Catch up on stories from the past week (and beyond) at the Slashdot story archive


Forgot your password?

Slashdot videos: Now with more Slashdot!

  • View

  • Discuss

  • Share

We've improved Slashdot's video section; now you can view our video interviews, product close-ups and site visits with all the usual Slashdot options to comment, share, etc. No more walled garden! It's a work in progress -- we hope you'll check it out (Learn more about the recent updates).


Comment: Re:explain? (Score 1) 647

by troff (#48488665) Attached to: Debian Forked Over Systemd

The difficulty with all of the arguments, is that a significant proportion of them are emotionally based, rather than technical, but all are couched in a technical setting,

That's interesting. What I saw just there was technical arguments, summarised in a comprehensible, mostly non-technical fashion.

I am happy to have systemd on some machines, and happy to not have it on others.

I'm not. Given your situation, I'd now have to know two init systems to manage all the machines which happen to be running the same operating system.

With regards to this whole topic, the best bet when you see a discussion unfold is sit back with popcorn and watch either sides arguments dissolve into logical fallacy.

And these forkers didn't. As a result, the people who DO want systemd won't have their choices forced upon the people who DON'T want systemd.

I started as a desktop user who was learning network and system admin. Now I have my lap/desktops and a NAS and a server which I run myself rather than cloud-insanity (and someday I hope my job will involve me administering something other than Windows). But systemd has already impacted me negatively even on just the desktops.

Comment: Re:You keep using that word. (Score 1) 411

by troff (#45053381) Attached to: US Intelligence Chief Defends Attempts To Break Tor

Hi. I'm not American. But my country has been in a formal alliance with America since about 1951, about 20 years before I was born.

I'm an IT guy. The closest I've ever been to any government-type work is when I spent most of 9 months working with the State (not Federal) Government office as a part of a Master's-by-Research degree at looking into whether Open Source software might possibly be feasible for such office use. The research was not completed, however. Now I just work back at the same university where I was doing the research study. At the moment, I'm working in the IT security team.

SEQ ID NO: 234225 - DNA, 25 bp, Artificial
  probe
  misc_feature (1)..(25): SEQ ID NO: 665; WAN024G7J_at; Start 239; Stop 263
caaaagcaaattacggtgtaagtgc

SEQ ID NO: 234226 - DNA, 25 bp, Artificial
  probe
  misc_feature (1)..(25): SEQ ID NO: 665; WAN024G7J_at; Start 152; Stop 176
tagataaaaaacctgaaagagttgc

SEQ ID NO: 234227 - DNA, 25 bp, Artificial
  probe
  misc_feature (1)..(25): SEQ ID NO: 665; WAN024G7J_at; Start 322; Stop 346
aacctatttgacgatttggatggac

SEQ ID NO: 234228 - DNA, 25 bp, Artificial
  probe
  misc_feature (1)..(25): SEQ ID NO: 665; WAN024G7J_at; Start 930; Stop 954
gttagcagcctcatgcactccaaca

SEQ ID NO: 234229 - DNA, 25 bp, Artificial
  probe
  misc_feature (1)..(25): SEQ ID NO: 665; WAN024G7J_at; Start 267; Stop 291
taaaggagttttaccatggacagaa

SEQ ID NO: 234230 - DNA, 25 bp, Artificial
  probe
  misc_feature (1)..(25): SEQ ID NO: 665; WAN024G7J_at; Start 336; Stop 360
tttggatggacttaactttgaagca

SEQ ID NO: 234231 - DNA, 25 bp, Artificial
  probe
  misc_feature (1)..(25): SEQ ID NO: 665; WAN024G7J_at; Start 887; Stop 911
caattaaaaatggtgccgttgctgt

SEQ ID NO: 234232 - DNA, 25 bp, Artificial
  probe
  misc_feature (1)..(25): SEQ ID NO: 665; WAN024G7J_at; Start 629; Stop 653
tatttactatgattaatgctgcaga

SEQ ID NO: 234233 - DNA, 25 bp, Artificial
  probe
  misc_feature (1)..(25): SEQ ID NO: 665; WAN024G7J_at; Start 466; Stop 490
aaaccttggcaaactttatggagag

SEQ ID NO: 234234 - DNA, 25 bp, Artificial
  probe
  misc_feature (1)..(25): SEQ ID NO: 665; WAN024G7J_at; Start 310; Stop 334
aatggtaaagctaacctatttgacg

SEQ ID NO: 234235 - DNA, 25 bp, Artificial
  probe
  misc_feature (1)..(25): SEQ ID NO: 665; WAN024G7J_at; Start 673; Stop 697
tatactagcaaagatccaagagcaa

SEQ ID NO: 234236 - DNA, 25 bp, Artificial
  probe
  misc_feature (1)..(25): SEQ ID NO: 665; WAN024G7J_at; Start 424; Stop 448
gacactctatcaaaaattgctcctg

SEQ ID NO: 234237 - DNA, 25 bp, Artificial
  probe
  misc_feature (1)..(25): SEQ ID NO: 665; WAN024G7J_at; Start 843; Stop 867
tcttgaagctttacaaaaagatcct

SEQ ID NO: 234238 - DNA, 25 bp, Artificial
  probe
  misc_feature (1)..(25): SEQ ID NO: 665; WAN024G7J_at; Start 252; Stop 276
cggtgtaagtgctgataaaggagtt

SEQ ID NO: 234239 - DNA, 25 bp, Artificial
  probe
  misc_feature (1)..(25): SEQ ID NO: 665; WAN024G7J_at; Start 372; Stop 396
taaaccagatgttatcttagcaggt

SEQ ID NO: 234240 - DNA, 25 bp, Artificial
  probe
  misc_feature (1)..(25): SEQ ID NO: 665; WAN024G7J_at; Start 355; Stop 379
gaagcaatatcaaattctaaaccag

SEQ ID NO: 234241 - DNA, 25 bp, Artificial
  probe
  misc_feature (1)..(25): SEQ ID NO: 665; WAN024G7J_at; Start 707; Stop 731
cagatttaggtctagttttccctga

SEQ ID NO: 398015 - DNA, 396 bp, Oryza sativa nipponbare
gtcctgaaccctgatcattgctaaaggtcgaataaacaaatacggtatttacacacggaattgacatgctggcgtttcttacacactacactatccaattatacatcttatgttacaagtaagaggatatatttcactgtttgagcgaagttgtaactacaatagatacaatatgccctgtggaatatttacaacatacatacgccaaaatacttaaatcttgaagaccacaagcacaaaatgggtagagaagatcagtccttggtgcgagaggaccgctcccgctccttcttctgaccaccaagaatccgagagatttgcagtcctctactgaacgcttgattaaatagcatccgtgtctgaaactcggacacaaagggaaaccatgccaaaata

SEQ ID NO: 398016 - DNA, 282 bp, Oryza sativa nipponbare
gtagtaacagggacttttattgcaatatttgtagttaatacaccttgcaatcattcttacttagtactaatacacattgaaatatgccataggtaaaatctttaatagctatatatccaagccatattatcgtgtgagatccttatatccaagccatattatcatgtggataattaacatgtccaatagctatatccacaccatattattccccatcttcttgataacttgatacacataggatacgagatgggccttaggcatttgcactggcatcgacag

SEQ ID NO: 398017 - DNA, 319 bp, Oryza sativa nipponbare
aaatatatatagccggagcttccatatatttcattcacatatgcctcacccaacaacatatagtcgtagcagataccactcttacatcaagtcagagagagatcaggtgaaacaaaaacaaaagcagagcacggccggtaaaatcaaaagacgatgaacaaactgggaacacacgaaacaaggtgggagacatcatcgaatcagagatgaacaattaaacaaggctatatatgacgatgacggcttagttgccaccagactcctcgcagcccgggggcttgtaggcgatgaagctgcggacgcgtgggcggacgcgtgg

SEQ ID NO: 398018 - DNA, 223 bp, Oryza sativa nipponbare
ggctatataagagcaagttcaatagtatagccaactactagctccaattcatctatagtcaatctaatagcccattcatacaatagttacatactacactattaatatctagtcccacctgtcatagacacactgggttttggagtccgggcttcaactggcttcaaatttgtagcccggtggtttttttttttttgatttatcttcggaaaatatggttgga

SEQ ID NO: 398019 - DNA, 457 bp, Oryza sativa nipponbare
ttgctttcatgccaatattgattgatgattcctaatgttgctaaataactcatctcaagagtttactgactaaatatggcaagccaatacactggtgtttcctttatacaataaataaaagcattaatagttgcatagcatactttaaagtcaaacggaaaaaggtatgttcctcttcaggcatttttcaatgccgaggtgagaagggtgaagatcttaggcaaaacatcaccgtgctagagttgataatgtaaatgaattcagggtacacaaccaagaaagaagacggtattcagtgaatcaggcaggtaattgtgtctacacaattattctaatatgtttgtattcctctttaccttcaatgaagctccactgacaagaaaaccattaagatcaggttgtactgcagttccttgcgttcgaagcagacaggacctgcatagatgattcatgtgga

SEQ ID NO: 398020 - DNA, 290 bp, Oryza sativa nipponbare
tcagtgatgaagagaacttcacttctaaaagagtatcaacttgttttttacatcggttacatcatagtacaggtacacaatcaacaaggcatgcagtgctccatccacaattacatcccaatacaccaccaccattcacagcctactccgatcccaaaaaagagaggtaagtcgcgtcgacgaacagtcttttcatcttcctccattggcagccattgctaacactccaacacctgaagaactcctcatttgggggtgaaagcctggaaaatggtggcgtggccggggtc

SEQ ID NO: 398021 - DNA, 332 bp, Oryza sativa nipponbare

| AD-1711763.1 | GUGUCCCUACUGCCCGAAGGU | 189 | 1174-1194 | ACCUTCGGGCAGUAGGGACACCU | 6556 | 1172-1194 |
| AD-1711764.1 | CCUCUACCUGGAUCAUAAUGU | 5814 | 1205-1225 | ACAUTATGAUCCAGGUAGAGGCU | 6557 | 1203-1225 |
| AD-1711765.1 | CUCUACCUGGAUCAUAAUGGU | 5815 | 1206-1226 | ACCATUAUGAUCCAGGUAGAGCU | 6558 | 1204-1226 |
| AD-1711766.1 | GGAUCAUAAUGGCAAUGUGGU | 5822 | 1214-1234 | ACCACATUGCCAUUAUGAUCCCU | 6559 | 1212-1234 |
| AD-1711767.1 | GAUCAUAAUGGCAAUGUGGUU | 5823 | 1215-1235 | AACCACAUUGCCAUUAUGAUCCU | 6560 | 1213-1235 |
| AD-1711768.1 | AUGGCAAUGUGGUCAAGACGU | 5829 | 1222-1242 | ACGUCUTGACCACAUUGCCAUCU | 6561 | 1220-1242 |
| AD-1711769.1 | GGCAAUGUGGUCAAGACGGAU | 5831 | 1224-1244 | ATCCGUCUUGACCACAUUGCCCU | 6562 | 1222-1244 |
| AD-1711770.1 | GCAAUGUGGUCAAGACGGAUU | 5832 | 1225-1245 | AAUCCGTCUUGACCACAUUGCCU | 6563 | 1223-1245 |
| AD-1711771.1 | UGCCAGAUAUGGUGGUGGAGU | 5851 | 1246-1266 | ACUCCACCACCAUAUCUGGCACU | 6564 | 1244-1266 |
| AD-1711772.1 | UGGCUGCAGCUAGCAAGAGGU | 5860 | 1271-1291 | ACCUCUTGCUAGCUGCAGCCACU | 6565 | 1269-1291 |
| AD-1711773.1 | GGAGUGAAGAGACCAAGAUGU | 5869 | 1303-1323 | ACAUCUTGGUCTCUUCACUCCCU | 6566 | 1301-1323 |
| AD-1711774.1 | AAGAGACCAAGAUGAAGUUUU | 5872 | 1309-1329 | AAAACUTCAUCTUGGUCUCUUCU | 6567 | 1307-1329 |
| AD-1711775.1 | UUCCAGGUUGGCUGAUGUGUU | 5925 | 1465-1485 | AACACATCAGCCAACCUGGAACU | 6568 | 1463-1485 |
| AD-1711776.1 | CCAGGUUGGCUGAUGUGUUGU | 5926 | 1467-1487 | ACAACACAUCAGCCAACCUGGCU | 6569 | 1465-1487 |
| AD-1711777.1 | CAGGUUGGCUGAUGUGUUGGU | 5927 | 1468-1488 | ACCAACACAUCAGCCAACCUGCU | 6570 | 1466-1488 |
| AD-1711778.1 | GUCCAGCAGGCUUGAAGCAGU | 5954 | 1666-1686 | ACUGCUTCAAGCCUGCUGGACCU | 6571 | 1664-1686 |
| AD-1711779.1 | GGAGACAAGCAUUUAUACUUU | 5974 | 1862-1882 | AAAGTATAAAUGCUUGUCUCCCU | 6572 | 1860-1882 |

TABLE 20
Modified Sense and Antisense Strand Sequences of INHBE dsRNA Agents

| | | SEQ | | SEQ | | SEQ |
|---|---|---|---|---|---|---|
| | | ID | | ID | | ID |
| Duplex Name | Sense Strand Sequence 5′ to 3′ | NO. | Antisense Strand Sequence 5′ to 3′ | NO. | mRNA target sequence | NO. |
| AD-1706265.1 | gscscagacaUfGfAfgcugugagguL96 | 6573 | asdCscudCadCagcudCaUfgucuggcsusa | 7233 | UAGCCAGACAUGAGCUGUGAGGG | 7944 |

So: am I "foreign"?

Do I deserve to have my communications tracked?

If I send/receive encrypted e-mail to/from one of my colleagues who got me into the habit of sending such an e-mail, which basically consists of bitching about our (public, education-sector) boss, then do I really need to have that e-mail stored on an NSA server until they expend the resources necessary to crack my GPG? Do I really need to be considered guilty before there's been any kind of assessment as to exactly what I'm hiding from whom?

Or, to put it slightly more crudely - do you think the definition of "foreign" makes any damn difference to the great majority of the Internet (read: world) who are inappropriately impacted by all this NSA bull?

Comment: Re:SLOP syndrome (Score 1) 193

by troff (#45053145) Attached to: Sorm: Russia Intends To Monitor "All Communications" At Sochi Olympics

> I suggest that some people need to grow up, and realise that the West is the absolute paragon of virtue compared to what Russia, China and Muslim countries are doing.

> I shudder to think what will happen to the world when the baton of world domination is handed to these despots. I know the techno-libertarian crowd will be celebrating.

That Russia is, as you put it, "the Devil Incarnate" and America opposes Russia in certain areas does not make America "the absolute paragon of virtue compared" (and you might want to think what "absolute" and "compared" mean).

Instead, let's look at it this way: does the average Russian/American have any reason or want to harm the average American/Russian? No?

Maybe the Good/Evil split should be viewed along different lines: does the average American/Russian have their lives made any harder by the American/Russian government, to the benefit of that government? Really? Well, maybe the American/Russian people might be viewing the government the way you think one "country" views another.

Comment: Re:Someone start a defense fund (Score 1) 955

by troff (#43966505) Attached to: USA Calling For the Extradition of Snowden

That debate appears to have already been concluded. The debate now seems mostly about how to push forward what is right, rather than let your elected government, the premiere power of your land, run roughshod all over people using the very same rules that are supposed to prevent them doing just that; how to make the laws/crimes match what's right/wrong.

Comment: Re:I'll miss the old school special effects (Score 2) 213

by troff (#43406551) Attached to: Classic BBC Sci-fi Series Blake's 7 To Return On Syfy Channel

Not likely.

The old Doctor Who had the occasional grim-and-gritty (the kind that made Question Time in Parliament complain about it). The new Who is full of "if you hope and feel hard enough, you can overcome alien technology, incomprehensible gods and the laws of physics". Even the last episode was proof enough of that.

I've met Gareth Thomas. I weep for Blake. The new Avon will probably look like Sheldon Cooper, Vila will be cool and Cally will probably be slutting up to everybody. Remember what Galactica's new producers said in an early interview - we're gonna modernise. That means sex with hot blonde robots.

You are false data.